A Brief Explaination of The Party Wall etc Act of 1996 Explained

Party Wall Advice

Any construction work in a densely developed urban area, including new building, renovations, extensions, or excavations, is likely to have an impact on a Party Wall. A wall is defined as a ôparty wallö by the Party Wall etc Act of 1996 if it meets either of the following two conditions:

  1. The wall stands astride a boundary of land belonging to two or more different owners; this means that approximately half of the given wall is situated on land belonging to at least two different parties. The party wall may be part of a single building, it may separate two or more buildings, or it could serve as a ôparty fence wallö separating two properties. Note that it must be an actual wall û a wooden fence, for example, does not qualify.
  2. A wall is also deemed to be a ôparty wallö when it stand entirely on a single ownerÆs property but it is used by two or more owners to separate their buildings. A good example is where one owner built a wall, but another owner has built up against it without constructing their own private wall.

If your project involves a party wall, you are required to provide formal written notice to all affected neighbours usually at least two months before beginning work. In a case of a new unshared boundary wall, or for most excavation works, you may only have to give notice one month beforehand. The responsibility for the procedure and related costs entirely lies with the property owner initiating the work.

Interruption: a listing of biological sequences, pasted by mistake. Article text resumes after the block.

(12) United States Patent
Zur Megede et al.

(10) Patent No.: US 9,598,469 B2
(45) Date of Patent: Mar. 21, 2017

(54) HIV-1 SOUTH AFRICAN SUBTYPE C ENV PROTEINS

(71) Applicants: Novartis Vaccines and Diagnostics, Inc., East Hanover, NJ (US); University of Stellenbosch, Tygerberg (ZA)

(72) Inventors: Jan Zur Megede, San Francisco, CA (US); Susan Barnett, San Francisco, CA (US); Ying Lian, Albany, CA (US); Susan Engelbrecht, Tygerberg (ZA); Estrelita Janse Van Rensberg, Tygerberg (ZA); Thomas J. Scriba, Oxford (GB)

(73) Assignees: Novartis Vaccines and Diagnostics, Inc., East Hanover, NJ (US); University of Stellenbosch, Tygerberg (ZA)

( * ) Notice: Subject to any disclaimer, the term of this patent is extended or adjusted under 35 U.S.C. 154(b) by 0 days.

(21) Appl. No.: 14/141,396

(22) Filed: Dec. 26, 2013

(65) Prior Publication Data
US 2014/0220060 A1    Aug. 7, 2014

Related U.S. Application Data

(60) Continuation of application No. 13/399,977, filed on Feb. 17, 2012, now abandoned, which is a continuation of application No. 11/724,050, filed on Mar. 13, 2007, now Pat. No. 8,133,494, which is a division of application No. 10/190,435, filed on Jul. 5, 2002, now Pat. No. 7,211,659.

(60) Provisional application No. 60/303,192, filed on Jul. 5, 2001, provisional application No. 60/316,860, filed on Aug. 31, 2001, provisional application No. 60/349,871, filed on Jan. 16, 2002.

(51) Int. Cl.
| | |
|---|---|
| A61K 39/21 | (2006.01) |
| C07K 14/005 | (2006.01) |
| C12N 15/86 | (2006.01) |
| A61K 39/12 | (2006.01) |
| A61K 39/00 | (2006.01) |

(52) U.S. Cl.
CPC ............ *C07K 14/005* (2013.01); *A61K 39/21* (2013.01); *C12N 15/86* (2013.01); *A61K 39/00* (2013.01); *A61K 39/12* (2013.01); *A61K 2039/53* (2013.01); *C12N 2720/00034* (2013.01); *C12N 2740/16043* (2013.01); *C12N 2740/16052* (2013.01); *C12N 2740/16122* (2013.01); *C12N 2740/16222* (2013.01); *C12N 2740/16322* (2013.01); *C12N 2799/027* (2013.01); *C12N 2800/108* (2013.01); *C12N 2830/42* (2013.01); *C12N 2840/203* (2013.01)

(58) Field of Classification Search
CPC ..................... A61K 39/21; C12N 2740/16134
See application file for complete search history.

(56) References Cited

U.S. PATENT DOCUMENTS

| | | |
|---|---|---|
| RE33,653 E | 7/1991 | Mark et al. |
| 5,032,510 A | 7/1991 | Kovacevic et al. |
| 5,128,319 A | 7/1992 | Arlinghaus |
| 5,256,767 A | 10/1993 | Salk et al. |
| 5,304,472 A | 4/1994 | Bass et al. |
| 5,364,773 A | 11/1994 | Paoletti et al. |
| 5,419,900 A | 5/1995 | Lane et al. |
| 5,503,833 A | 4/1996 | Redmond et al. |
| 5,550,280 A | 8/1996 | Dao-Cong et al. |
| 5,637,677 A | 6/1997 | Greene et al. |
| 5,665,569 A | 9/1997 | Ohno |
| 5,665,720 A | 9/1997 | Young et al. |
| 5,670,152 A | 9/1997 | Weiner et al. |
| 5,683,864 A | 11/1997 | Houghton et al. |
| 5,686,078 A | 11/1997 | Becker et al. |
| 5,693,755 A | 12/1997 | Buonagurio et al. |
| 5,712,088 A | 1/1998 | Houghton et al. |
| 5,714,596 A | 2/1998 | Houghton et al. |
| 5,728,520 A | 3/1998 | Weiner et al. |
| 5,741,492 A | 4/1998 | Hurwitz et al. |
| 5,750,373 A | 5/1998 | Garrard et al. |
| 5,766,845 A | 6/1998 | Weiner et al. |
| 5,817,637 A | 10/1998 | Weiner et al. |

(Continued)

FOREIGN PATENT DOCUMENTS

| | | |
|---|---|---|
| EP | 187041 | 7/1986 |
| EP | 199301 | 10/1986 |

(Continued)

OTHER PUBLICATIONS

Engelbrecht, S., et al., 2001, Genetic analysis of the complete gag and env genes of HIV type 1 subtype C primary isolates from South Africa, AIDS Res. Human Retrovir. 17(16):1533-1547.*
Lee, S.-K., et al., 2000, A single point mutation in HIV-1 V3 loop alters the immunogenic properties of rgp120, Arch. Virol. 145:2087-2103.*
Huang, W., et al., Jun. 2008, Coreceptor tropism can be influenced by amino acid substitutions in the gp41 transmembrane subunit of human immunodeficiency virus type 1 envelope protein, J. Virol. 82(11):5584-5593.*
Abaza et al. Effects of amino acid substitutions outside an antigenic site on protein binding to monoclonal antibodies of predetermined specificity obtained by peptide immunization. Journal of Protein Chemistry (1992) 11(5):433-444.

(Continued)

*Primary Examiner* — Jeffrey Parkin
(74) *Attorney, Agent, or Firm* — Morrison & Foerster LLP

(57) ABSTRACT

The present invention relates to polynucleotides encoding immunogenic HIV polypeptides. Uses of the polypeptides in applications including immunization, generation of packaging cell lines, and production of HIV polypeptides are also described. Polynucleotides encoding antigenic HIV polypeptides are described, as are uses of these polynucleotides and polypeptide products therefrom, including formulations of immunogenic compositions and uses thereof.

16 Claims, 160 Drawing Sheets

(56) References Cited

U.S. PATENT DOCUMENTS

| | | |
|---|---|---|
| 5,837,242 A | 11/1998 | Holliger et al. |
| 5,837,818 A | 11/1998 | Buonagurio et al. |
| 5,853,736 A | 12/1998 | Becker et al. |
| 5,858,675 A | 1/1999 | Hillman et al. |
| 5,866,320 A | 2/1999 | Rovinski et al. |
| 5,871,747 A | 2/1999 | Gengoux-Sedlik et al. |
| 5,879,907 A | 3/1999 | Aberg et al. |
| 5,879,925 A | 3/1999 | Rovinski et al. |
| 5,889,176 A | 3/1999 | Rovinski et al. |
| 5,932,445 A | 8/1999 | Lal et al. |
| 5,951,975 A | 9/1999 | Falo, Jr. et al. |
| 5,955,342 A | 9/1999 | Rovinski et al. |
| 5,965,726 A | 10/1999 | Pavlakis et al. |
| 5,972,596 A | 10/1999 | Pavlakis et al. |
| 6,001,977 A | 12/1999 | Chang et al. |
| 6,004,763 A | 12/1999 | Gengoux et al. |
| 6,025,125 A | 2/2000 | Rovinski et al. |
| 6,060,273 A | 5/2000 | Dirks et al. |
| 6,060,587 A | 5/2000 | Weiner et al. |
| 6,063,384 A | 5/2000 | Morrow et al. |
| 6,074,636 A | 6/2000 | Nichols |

Besides the basic definitions of a party wall noted above, some owners fail to realize that the Act also covers structural work performed on a shared ceiling or floor and therefore often requires notice to neighbours living above or below you. Other possible jobs requiring a party wall agreement might be modification of a shared structural beam in or on a wall, underpinning a party wall or a wall within 3 metres of an adjoining building, or inserting a flashing into an adjoining building or a party wall.

The best Party Wall etc Act Advice possible is this: if you are at all unsure about whether or not the Act applies to either the work that you are planning or to work you have discovered a neighbour is doing, seek professional advice. It is far better to be safe than to be sorry. There are many professional and experienced Party Wall Surveyors available to assist you. ôThe Pyramus & Thisbee Clubö and the Faculty of Party Wall Surveyors are organizations of people from various construction fields with specific knowledge in party wall matters and are generally willing to help you informally (their web sites have contact details). The Association of Building Engineers (ABE) and the Royal Institution of Chartered Surveyors (RICS) are both additional professional bodies willing to provide general and informal party wall advice. Lastly, you can contact the Department for Communities and Local Government for further Party Wall etc Act explanation.